On 20 June 1803, after some eight months of planning and discussion, President Thomas Jefferson handed his twenty-eight-year-old secretary, Captain Meriwether Lewis of the First Infantry Regiment, a letter containing instructions for the conduct of one of the most significant undertakings in American history . . . .
Considering all he had to do to prepare for the Expedition, Lewis was fortunate in that he could rely on a small cadre of Army personnel to help him assemble, pack, and ship his supplies. The official purveyor, or purchasing agent, of public supplies for the government in Philadelphia was Israel Whelan . . . .
Wedged between the two rocky rivers and the steep slopes of Schoolhouse Ridge, Harpers Ferry's tiny footprint belies the richness of its roles in American history—in industrialization, in commerce, and especially in the unfolding of the Civil War and the long struggle of African-Americans out of slavery toward integration into the cultural mainstream of the "land of the free."
The Monongahela River joins the Allegheny River at the apex of Pittsburgh's "golden triangle" to form the river called Ohio—an Iroquois word meaning "big and beautiful." After the Revolutionary War, Pittsburgh quickly grew into a gathering-place and jumping-off point . . . .
Meriwether Lewis listed a "Keeled Boat" in his pre-expedition shopping list, but after he finally got it, he and the other journalists of the Corps of Discovery simply called it "the boat" (190 times) or, less often, "the barge" (32 times). Construction of the barge in Pittsburgh proved to be a nightmare . . . .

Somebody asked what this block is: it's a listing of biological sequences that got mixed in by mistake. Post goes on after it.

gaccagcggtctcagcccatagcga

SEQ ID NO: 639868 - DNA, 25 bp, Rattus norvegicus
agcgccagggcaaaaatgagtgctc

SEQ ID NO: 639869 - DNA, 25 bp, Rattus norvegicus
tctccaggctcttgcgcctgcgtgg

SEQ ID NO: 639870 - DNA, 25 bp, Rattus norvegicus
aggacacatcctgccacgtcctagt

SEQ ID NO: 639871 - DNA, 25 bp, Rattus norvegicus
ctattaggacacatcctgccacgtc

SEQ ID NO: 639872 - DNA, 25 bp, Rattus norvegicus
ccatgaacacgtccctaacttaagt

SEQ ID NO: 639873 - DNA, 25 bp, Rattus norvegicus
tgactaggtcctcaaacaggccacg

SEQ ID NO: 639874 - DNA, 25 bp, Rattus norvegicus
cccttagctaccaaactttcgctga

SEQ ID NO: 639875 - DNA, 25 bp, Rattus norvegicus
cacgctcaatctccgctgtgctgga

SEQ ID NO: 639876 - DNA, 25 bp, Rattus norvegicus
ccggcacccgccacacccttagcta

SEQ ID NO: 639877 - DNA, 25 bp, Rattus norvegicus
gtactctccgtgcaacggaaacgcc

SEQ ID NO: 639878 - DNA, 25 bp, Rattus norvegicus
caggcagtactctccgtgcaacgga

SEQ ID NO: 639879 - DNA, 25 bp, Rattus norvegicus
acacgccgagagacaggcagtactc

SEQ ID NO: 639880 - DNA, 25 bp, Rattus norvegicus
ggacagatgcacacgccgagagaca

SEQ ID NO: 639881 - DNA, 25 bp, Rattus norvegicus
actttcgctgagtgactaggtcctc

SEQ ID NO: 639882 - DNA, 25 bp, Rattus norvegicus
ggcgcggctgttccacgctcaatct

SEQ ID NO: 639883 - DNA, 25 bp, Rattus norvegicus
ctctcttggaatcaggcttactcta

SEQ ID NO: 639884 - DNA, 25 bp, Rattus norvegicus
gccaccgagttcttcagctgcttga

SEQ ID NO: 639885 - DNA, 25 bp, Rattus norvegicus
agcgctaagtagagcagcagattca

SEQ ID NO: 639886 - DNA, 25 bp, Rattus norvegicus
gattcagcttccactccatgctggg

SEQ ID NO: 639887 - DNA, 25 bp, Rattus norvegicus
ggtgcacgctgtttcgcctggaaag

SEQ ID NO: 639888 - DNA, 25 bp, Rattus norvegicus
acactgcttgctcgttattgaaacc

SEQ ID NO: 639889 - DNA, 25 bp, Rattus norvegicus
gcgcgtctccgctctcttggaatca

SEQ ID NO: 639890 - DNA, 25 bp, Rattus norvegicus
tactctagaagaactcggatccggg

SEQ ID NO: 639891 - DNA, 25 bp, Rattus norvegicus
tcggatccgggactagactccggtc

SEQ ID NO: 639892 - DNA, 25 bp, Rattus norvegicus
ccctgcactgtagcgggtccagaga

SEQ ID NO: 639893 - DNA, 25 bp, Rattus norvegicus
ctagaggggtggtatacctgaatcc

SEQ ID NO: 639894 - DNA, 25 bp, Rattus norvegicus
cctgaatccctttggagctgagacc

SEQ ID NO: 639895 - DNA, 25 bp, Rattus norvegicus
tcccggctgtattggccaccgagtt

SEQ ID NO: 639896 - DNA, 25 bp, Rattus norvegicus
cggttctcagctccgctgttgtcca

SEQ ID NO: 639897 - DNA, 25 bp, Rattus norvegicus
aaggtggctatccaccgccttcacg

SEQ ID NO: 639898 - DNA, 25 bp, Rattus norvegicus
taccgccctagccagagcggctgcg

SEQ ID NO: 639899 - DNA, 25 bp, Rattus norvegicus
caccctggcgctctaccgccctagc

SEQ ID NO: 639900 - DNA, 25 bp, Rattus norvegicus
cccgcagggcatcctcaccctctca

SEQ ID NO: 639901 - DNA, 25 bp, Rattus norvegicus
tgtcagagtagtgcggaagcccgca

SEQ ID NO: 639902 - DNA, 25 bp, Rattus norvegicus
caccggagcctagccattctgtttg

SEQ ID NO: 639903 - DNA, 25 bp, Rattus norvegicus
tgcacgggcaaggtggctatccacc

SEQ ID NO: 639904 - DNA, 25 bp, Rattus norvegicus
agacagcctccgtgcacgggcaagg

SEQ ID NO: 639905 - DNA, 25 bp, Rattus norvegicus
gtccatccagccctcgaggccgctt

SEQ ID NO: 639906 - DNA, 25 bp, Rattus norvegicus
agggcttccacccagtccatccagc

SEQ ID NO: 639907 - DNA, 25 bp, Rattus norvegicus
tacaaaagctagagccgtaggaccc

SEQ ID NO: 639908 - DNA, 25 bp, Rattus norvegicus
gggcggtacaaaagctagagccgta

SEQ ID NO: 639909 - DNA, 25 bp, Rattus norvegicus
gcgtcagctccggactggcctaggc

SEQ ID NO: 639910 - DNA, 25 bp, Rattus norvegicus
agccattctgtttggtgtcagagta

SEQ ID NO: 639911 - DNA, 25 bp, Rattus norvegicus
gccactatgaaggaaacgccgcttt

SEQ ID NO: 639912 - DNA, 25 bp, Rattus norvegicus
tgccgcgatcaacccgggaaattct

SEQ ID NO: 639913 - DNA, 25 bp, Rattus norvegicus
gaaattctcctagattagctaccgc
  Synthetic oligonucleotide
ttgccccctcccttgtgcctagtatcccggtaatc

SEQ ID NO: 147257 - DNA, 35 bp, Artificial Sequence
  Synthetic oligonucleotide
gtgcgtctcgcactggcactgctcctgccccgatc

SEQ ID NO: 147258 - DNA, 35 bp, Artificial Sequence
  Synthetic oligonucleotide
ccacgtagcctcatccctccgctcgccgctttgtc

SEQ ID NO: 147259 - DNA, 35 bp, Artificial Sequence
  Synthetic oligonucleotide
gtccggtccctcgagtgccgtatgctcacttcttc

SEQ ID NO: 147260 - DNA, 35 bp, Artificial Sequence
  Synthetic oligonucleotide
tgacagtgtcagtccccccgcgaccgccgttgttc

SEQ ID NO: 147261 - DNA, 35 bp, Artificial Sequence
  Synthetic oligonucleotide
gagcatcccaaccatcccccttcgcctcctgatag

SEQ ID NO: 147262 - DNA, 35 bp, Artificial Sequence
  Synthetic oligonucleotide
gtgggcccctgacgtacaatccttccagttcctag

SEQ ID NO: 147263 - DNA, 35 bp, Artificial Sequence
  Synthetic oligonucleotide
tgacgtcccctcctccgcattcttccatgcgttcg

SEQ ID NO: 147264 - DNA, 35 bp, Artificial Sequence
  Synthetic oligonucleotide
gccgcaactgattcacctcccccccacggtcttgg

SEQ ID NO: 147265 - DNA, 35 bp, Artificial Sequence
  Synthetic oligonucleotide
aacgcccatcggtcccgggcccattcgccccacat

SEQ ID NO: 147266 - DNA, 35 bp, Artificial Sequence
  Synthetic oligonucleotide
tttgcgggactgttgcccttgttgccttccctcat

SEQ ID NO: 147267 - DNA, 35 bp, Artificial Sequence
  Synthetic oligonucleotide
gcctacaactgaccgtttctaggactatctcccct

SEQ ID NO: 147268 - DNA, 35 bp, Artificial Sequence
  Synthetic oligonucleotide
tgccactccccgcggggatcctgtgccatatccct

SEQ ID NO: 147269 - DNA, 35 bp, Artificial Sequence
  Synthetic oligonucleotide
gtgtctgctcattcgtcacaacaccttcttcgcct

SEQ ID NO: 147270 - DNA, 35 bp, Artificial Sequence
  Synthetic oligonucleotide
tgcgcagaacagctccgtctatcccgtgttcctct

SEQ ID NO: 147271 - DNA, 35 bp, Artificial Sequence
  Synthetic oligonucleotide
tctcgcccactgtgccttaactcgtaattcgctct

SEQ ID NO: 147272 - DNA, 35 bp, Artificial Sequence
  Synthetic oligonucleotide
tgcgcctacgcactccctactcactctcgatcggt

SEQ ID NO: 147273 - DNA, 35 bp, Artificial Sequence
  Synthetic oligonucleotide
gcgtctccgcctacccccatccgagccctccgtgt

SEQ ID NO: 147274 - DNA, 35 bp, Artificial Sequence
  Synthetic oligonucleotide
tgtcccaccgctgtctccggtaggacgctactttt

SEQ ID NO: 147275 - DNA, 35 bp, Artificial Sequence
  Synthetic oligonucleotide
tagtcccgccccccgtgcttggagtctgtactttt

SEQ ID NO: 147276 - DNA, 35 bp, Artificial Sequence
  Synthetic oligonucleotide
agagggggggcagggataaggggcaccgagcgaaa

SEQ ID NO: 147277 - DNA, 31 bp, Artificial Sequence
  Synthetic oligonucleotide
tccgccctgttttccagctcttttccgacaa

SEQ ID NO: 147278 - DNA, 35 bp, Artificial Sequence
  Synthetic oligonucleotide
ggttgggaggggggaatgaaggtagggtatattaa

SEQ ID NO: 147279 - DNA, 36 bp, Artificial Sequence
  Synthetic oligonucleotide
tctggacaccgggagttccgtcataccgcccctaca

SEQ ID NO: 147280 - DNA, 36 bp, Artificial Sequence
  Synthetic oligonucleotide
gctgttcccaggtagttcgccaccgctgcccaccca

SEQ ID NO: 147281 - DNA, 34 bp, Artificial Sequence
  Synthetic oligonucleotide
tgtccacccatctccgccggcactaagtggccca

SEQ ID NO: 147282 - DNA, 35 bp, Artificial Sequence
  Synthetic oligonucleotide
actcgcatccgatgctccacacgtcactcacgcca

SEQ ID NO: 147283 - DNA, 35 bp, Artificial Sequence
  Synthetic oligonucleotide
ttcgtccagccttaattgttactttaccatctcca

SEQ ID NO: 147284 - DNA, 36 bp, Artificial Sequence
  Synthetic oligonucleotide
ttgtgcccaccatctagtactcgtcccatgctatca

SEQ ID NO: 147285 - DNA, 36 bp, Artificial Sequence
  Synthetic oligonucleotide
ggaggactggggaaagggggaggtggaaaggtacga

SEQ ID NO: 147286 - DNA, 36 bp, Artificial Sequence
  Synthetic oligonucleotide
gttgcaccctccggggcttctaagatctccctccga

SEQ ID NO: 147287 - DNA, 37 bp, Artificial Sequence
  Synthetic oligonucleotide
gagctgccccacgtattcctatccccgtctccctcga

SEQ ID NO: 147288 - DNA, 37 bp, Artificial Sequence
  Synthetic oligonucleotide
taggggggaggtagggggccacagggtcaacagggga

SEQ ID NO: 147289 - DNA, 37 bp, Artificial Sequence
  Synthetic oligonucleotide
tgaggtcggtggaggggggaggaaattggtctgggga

Dearborn gave the departing Lewis an order dated July 2, 1803, that seemed to limit his permanent "payload" party to the now accepted total number of 15 men: Lewis himself, another officer, 12 Army enlisted men and a hired interpreter. These soldiers also were to be obtained at Kaskaskia and other Illinois Army posts, or newly recruited into the Army from "suitable Men" encountered by Lewis along the way . . . .
Lewis and his skeleton crew of eleven men crossed the boundary between Pennsylvania and West Virginia south of the river, and Pennsylvania and Ohio on the north. With that, they officially entered the Old Northwest. The line, wrote Lewis, "is made visible from the timber having been felled about sixty feet in width . . . ."
They camped for that night somewhere on the big island now known as Brown's. When darkness fell the two canoes, which carried most of Lewis's most valuable supplies, were still behind. "Ordered the trumpet to be sound[ed]," he wrote, "and they came up in a few minutes."
The barge had a capacity of fifteen tons of cargo, but Lewis had contracted with a wagoner to haul a substantial part of his baggage from Pittsburgh to Wheeling. In 1803 most overland travel routes were narrow paths best suited to foot and horse traffic. There were only a few thousand miles of decent, if mostly unpaved, wagon roads in the seventeen states, and Wheeling was the western terminus of one of the newest of them.